Many times accountants who file the 990s make mistakes and the IRS doesn’t question them.  Your organization can go on for years filing under as the wrong type of organization.  All the IRS cares about for 990s is that they are filed – not whether they are particularly accurate – as long as the numbers are generally sound.

I am sure there are thousands of nonprofit public charities which are in fact SOs!!  If  your organization is some sort of subsidiary, controlled by a parent charity (as long as the parent controls the board membership), you might be an SO.  SOs were an easy route to gain exemption status by “pigging-backing” on the parent’s exemption (and maintaining control of the subsidiary).

It doesn’t matter if your organization no longer resembles an SO.  Until you amend your articles of incorporation and refile your 1023, your org is what it started out as.

Of course, there may be many orgs which think they are SOs – because of an error on the 990s or other mistaken approaches – but are really NOT.

Go back to the beginning.  You might be surprised. I had the IRS telling me definitively that a client was an SO.  But, I kept digging (no one had the 1023 or articles of incorporation) and eventually figured out that the so-called parent church’s attorney thought they were an SO and told the IRS on one of their forms.  They lost their exemption retroactively for not filing 990s (they were actually a religious org that wasn’t required to file 990s).  In the IRS’s system – they were switched to an SO and that was it.

Eventually, they got it reversed but some damage was done.



IRA Rollover Giving from SEP or Simple IRA?

SEP IRAs and Simple IRAs are retirement accounts which small businesses create (typically for the owner of the business) – similar to 401k plans but much simpler.

This question has come to me twice in the past few weeks so it must be of interest.  Can an old enough donor make an IRA Charitable Rollover gift from his/her SEP or Simple IRA?  A client also just asked me this question where the donor said he had two SEPs (not sure why he needed two).  Here is the answer I gave:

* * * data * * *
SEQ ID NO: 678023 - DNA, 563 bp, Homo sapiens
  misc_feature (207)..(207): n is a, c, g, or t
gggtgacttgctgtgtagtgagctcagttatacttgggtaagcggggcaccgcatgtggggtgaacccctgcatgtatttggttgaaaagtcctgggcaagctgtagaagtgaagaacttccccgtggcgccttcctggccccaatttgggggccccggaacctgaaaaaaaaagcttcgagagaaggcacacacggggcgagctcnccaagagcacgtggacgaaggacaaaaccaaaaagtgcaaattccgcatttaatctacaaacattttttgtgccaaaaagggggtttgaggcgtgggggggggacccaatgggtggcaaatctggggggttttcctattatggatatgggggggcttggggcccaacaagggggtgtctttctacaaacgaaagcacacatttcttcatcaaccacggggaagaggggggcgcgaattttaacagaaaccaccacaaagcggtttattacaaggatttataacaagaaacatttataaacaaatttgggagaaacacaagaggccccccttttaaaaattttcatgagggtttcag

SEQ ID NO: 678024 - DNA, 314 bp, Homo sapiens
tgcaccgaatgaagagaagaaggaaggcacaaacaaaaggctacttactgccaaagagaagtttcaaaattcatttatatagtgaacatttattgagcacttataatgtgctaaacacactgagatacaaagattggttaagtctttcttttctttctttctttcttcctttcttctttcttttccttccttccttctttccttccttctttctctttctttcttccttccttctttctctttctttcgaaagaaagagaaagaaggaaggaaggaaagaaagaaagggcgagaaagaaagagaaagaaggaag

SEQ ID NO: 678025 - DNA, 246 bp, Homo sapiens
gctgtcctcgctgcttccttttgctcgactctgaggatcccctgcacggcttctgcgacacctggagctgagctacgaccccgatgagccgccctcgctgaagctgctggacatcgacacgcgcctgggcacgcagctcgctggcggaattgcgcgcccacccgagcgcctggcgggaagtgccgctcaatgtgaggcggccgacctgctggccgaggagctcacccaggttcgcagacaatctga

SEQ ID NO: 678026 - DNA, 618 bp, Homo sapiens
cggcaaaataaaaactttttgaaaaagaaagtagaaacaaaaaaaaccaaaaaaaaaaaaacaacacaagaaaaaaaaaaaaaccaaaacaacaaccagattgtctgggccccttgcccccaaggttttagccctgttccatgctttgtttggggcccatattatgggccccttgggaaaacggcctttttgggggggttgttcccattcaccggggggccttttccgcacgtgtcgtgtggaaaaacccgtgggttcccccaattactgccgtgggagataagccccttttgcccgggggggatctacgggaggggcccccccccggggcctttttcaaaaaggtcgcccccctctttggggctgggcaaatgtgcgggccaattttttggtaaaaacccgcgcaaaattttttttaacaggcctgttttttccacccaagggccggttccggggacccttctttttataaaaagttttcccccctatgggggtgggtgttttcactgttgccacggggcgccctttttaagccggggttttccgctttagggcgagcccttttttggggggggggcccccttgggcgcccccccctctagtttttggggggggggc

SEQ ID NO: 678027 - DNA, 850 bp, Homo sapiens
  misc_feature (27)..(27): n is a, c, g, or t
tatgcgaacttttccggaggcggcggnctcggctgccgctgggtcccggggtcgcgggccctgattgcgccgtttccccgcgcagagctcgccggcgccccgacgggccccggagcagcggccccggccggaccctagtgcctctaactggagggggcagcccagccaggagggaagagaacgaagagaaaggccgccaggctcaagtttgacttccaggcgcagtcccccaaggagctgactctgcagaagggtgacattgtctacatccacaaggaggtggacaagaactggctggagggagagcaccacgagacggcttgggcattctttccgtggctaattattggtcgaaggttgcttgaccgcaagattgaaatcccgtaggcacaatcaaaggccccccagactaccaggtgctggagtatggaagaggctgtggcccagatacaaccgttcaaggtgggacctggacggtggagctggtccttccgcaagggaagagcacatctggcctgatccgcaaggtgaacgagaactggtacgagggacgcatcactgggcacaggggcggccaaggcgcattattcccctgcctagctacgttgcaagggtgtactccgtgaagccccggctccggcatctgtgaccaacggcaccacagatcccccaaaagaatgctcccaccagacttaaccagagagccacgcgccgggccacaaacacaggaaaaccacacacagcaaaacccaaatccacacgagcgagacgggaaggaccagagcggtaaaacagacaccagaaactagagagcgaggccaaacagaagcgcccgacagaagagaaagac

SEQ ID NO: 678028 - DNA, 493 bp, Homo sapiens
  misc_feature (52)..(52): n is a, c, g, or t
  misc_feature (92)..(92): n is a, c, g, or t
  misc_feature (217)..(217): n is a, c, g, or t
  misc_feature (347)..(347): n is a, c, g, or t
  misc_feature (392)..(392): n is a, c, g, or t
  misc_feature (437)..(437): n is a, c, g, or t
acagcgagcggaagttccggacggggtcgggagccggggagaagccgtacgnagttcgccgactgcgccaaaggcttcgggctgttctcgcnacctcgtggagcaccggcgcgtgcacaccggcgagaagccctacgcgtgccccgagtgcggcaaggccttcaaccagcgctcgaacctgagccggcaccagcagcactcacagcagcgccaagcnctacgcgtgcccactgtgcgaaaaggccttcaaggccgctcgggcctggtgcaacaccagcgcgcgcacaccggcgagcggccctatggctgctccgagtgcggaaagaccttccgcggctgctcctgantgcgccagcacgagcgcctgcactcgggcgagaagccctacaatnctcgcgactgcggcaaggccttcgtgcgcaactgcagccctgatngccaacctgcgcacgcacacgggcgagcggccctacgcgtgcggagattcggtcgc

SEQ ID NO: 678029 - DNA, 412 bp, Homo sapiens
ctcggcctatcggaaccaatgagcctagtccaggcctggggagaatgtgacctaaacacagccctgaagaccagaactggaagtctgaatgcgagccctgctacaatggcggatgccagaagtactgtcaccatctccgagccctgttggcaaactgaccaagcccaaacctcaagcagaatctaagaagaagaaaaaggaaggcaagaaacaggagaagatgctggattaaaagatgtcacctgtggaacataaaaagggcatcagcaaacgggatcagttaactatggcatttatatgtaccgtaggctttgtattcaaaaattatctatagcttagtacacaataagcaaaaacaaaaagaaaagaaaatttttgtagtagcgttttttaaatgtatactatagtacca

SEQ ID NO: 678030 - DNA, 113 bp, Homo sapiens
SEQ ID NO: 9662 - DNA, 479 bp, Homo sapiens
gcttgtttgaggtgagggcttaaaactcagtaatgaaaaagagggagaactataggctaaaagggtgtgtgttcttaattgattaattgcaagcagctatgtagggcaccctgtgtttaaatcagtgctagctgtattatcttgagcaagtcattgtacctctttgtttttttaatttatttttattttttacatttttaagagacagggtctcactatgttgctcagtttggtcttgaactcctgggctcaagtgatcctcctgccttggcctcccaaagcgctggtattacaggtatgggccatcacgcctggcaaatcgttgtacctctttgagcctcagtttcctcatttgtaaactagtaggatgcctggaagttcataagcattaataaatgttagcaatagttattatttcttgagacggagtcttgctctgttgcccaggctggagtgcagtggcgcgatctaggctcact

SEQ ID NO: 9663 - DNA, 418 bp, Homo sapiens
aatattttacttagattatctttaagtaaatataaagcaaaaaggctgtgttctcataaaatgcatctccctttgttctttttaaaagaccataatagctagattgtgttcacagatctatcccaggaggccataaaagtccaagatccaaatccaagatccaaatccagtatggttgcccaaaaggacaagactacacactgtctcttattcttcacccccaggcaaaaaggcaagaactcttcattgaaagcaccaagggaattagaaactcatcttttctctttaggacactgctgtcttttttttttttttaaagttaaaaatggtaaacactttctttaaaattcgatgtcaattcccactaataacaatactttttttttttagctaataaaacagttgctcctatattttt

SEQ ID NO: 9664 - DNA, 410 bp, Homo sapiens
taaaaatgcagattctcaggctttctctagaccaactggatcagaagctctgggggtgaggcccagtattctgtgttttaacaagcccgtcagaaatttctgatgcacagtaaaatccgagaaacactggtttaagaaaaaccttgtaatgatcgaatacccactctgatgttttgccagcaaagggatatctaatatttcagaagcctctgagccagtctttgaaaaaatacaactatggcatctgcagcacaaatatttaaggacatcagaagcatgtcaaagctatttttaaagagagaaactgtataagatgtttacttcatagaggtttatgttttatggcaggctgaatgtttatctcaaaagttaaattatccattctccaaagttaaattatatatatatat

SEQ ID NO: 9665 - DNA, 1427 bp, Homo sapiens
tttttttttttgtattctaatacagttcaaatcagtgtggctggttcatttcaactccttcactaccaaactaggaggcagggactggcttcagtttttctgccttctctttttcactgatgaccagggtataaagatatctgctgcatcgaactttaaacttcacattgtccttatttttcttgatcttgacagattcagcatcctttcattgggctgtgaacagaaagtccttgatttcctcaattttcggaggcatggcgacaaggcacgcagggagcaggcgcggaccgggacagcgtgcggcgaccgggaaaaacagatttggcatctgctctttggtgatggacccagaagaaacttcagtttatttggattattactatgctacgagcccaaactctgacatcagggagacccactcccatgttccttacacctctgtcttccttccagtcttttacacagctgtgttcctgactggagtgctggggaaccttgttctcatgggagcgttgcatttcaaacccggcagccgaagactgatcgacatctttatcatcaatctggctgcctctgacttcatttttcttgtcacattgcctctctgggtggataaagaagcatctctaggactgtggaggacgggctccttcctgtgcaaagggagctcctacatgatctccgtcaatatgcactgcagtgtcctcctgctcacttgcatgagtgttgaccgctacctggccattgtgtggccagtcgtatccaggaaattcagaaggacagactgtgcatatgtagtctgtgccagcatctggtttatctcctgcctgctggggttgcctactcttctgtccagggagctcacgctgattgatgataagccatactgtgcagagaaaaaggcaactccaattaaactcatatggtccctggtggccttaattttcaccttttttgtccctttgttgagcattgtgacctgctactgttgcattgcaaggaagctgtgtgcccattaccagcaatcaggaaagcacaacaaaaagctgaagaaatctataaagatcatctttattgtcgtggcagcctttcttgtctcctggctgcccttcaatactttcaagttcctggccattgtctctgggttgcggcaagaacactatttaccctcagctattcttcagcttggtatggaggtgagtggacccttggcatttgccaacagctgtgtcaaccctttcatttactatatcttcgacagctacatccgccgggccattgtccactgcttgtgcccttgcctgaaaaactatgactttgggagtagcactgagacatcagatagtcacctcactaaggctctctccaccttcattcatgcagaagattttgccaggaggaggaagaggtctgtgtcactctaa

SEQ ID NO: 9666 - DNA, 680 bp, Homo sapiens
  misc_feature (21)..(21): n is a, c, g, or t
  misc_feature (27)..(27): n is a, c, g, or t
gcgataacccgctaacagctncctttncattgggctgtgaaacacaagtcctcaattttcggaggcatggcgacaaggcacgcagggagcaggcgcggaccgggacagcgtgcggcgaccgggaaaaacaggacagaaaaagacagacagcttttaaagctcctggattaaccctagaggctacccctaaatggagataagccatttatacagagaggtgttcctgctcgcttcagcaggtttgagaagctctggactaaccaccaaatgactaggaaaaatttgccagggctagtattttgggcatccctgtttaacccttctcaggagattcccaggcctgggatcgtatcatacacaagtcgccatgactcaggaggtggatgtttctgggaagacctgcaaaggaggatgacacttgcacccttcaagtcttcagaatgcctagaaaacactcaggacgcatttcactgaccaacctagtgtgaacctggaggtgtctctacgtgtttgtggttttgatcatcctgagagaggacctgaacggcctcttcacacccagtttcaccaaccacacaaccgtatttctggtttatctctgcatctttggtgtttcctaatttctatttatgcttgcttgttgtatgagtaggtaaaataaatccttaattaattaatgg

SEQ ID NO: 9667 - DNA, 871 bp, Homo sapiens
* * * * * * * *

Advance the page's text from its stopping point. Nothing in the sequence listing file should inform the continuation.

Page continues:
The answer is yes, with an important caveat!

Bottom line – the SEP IRA (Simplified Employee Pension) or SIMPLE IRA could be eligible for the Charitable IRA Rollover IF the donor is 70.5 (always worth mentioning) AND the donor has not made any employer contributions to the SEP or SIMPLE IRA in this fiscal year (based on his business’ taxable year – which could be different than the calendar year). In other words, it can’t “active” to work for the IRA Charitable Roller.

To your question, your donor has two SEPs! Is one “active” and one “inactive”? I believe if one of the accounts is inactive (i.e. is not receiving any employer contributions this fiscal year), that the inactive account would be eligible to make a Charitable IRA Rollover gift from!!

Below is a blurb from the IRA website:

Q-36. Is the exclusion for qualified charitable distributions available for distributions from any type of IRA?

A-36. Generally, the exclusion for qualified charitable distributions is available for distributions from any type of IRA (including a Roth IRA described in § 408A and a deemed IRA described in § 408(q)) that is neither an ongoing SEP IRA described in § 408(k) nor an ongoing SIMPLE IRA described in § 408(p). For this purpose, a SEP IRA or a SIMPLE IRA is treated as ongoing if it is maintained under an employer arrangement under which an employer contribution is made for the plan year ending with or within the IRA owner’s taxable year in which the charitable contributions would be made.